The Davids Commission said that it could find no evidence that Dutch special forces took part in the invasion. It expressed concern that commercial interests may have played a part in influencing the government decision to back the war. It recognised that “the Dutch business community stood to gain from the existence of a level playing field in post-war Iraq.” These were the very words that Shell and BP used when they met the UK government as the Iraq war began. They called for “a level playing field” for all oil companies after the war.
Commercial interests vital to both Britain and the Netherlands are at stake in Iraq. The Anglo-Dutch company Royal Dutch Shell has just won a major oil contract in the Iraqi Majnoon field, defeating the rival French company Total. Majnoon is thought to be the largest oil field in the world. It may hold some 12.8 billion barrels of oil reserves. Shell will have a major stake in it, alongside Malaysia’s Petronas. Shell also has interests in the West Qrna Phase 1 field jointly with Exxon Mobil.
As the Financial Times pointed out, “Royal Dutch Shell, in particular, is counting its blessings that Baghdad has opened up the world’s third-largest oil reserves more than 30 years after they were nationalised and six years after Saddam Hussein was overthrown by a US-led invasion force.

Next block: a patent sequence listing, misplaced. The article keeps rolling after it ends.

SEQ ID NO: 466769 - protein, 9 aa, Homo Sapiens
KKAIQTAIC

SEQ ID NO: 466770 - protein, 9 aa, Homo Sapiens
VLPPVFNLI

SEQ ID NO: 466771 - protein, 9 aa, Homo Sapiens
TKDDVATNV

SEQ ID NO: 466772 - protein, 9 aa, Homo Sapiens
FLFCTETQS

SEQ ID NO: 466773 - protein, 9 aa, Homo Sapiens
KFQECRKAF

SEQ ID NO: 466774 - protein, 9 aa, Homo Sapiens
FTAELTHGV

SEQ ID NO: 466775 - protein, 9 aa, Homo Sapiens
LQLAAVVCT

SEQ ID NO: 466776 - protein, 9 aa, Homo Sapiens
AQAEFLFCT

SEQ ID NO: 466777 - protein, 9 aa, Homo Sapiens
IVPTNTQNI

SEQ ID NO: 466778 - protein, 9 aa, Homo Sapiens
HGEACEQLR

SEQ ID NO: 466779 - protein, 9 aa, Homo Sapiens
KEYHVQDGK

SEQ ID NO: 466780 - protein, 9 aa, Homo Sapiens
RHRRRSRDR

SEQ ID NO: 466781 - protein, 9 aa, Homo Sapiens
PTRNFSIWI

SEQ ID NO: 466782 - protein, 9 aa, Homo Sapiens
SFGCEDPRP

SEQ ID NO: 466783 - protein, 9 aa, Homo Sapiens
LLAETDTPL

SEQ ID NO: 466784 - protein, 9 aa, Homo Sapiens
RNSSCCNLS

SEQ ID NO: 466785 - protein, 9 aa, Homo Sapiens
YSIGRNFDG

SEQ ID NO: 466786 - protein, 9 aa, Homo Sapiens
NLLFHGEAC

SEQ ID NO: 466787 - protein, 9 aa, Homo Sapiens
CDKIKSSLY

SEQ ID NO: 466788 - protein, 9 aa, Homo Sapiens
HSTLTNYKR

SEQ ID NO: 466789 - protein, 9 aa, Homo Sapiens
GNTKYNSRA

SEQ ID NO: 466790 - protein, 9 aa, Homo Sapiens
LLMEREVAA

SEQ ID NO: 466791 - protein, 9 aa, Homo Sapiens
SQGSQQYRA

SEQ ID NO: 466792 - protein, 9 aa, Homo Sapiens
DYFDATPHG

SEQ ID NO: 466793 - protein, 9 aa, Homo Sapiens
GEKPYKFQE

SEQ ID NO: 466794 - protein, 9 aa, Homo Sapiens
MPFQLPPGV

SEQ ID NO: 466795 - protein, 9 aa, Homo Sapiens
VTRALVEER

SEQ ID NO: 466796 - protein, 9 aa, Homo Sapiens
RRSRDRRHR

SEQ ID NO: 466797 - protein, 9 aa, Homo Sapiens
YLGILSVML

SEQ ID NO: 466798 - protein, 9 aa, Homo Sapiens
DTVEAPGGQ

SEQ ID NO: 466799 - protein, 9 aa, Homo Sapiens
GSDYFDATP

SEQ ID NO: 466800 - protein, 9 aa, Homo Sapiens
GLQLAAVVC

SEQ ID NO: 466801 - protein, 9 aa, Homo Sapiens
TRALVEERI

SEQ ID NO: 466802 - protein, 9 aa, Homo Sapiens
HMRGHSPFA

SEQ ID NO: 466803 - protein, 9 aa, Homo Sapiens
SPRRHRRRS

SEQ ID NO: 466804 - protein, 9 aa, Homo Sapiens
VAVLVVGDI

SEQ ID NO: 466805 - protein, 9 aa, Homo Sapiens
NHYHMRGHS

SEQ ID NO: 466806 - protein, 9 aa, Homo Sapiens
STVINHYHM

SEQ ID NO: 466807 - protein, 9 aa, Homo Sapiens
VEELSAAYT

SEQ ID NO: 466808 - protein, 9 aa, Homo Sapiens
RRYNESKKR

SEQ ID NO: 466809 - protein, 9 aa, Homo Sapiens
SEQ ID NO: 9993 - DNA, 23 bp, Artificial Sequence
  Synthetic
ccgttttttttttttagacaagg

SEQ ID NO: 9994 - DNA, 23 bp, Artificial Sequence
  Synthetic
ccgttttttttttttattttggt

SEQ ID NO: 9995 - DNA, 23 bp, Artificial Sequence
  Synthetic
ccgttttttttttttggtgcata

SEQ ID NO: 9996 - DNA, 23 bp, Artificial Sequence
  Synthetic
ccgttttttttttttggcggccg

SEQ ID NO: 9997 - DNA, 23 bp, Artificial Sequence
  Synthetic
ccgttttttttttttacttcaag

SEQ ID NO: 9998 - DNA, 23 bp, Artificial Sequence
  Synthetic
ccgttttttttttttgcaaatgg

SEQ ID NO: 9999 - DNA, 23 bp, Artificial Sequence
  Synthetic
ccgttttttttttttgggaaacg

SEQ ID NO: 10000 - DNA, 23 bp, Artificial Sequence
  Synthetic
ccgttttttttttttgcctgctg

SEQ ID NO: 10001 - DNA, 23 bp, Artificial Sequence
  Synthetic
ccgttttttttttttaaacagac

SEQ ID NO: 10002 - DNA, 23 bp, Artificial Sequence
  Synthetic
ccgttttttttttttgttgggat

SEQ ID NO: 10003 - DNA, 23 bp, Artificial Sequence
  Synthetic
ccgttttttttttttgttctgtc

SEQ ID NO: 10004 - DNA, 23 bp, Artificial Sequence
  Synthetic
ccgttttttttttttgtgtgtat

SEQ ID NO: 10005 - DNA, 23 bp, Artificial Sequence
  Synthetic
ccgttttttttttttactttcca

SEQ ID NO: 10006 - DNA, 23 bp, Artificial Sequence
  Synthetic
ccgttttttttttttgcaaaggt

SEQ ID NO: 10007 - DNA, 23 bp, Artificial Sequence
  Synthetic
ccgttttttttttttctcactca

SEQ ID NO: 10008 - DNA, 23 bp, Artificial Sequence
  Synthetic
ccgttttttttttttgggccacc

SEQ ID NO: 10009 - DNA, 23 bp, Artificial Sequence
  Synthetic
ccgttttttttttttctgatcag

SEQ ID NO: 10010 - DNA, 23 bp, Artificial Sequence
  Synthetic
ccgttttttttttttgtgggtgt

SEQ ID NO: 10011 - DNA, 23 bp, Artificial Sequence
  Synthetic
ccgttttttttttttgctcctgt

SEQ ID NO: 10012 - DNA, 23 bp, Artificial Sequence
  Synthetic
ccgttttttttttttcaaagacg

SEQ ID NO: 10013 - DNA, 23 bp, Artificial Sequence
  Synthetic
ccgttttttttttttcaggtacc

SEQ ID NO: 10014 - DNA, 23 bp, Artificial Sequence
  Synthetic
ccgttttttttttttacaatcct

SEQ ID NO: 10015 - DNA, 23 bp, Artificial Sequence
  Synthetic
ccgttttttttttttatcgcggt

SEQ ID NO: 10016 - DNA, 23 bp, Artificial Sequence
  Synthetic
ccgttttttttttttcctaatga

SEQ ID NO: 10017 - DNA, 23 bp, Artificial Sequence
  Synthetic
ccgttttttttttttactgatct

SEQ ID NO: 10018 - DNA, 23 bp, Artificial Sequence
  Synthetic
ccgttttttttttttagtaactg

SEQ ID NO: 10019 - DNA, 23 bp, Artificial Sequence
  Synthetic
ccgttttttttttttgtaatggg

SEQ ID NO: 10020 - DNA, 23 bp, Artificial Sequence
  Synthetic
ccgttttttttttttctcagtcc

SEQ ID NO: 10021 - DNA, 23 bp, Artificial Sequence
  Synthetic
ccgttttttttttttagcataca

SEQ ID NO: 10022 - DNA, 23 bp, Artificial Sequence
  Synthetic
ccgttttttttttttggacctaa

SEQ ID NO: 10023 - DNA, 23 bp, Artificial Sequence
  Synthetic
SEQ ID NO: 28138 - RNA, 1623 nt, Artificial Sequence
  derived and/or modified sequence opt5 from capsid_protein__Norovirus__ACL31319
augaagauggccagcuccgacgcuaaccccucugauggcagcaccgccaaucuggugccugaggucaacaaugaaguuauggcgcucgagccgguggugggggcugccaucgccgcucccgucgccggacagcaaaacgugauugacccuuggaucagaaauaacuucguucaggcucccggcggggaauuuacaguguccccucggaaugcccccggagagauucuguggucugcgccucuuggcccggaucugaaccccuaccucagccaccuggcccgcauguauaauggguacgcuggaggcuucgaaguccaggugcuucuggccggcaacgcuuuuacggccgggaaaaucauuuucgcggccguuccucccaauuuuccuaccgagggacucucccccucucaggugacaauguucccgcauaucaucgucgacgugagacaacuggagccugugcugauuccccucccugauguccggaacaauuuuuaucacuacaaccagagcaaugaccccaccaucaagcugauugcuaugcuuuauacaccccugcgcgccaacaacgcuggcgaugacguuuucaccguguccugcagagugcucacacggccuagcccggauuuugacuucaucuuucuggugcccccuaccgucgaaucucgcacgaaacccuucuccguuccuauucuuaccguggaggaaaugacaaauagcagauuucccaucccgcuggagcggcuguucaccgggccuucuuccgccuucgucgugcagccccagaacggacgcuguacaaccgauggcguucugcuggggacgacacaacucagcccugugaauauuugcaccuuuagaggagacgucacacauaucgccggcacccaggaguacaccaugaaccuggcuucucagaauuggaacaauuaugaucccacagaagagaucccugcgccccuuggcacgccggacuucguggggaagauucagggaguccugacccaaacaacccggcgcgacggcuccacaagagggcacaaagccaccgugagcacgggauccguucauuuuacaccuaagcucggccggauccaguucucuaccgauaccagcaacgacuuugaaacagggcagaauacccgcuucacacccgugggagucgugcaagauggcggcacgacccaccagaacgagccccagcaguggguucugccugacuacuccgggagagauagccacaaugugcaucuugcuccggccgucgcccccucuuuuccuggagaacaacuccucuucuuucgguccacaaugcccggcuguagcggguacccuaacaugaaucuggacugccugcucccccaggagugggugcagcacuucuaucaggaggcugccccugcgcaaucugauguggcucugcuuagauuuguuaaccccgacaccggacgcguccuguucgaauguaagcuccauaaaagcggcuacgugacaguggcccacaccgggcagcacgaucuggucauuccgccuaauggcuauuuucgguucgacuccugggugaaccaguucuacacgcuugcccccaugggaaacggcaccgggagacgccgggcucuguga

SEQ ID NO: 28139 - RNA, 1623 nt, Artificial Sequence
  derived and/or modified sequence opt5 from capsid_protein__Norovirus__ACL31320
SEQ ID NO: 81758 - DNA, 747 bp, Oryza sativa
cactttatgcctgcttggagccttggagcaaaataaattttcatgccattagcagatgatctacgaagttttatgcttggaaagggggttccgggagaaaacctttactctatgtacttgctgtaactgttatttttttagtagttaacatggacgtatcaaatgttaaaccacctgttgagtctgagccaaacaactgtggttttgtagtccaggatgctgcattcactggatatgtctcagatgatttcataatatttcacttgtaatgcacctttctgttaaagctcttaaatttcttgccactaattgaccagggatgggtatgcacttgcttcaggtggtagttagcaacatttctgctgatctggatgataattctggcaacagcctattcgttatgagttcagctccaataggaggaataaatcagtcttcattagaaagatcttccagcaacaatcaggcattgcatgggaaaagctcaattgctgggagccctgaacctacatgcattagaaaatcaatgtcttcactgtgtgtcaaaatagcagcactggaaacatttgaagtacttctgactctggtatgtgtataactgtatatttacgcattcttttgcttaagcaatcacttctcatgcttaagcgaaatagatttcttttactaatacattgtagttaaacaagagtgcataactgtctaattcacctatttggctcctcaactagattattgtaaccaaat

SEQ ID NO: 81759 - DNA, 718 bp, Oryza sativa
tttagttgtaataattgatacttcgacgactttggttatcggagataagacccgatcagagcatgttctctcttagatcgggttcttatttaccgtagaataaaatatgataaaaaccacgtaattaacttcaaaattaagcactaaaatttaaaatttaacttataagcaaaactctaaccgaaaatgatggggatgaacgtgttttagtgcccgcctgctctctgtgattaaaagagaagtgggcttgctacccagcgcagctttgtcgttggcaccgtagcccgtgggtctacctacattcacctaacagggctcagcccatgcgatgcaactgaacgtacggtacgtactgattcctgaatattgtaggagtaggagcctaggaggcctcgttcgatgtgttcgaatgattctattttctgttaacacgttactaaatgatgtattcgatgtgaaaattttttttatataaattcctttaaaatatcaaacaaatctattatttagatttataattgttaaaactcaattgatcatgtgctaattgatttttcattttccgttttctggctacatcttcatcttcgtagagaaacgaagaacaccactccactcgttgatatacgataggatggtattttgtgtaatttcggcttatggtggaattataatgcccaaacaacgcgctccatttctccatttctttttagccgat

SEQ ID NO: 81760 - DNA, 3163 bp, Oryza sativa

“Shell, out of all of its peers, is struggling most to step up its production as old, profitable fields decline and new reserves are proving increasingly difficult to secure.”
Shell’s role in Iraq goes back to the days of the British occupation after World War I, when deals were signed that were to persist into the 1950s and the overthrow of the British-backed monarch. The links between Shell and the British government remain close. At least two senior British civil servants have gone on to directorships at Shell when they retired from the Foreign Office.
The Davids Commission commented on the fact that the Dutch government had gone against the usual European orientation in its foreign policy and had allowed transatlantic influences to dominate its decision on Iraq. The report expressed regret that, “In the period examined by the Committee the ‘Atlantic reflex’ prevailed over a Eurocentric response.” As a result, the Netherlands has lost its ability to act as an intermediary between Britain on the one side and France and Germany on the other, the report concluded.
“The Dutch government lent its political support to a war whose purpose was not consistent with Dutch government policy,” the report stated. But it offered no explanation of why the government should have acted in this way. “It may therefore be said,” the report continued, “that the Dutch stance was to some extent disingenuous.”
It is not only the Dutch government that is being disingenuous. The Davids Commission, which met behind closed doors, is also being far from frank. The report does not directly criticize the conduct of Shell or suggest that the close relationship between Shell and the British government may have led the Dutch government to break with its previous policy. Yet that is the inescapable implication contained in the report.
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[22 January 2010]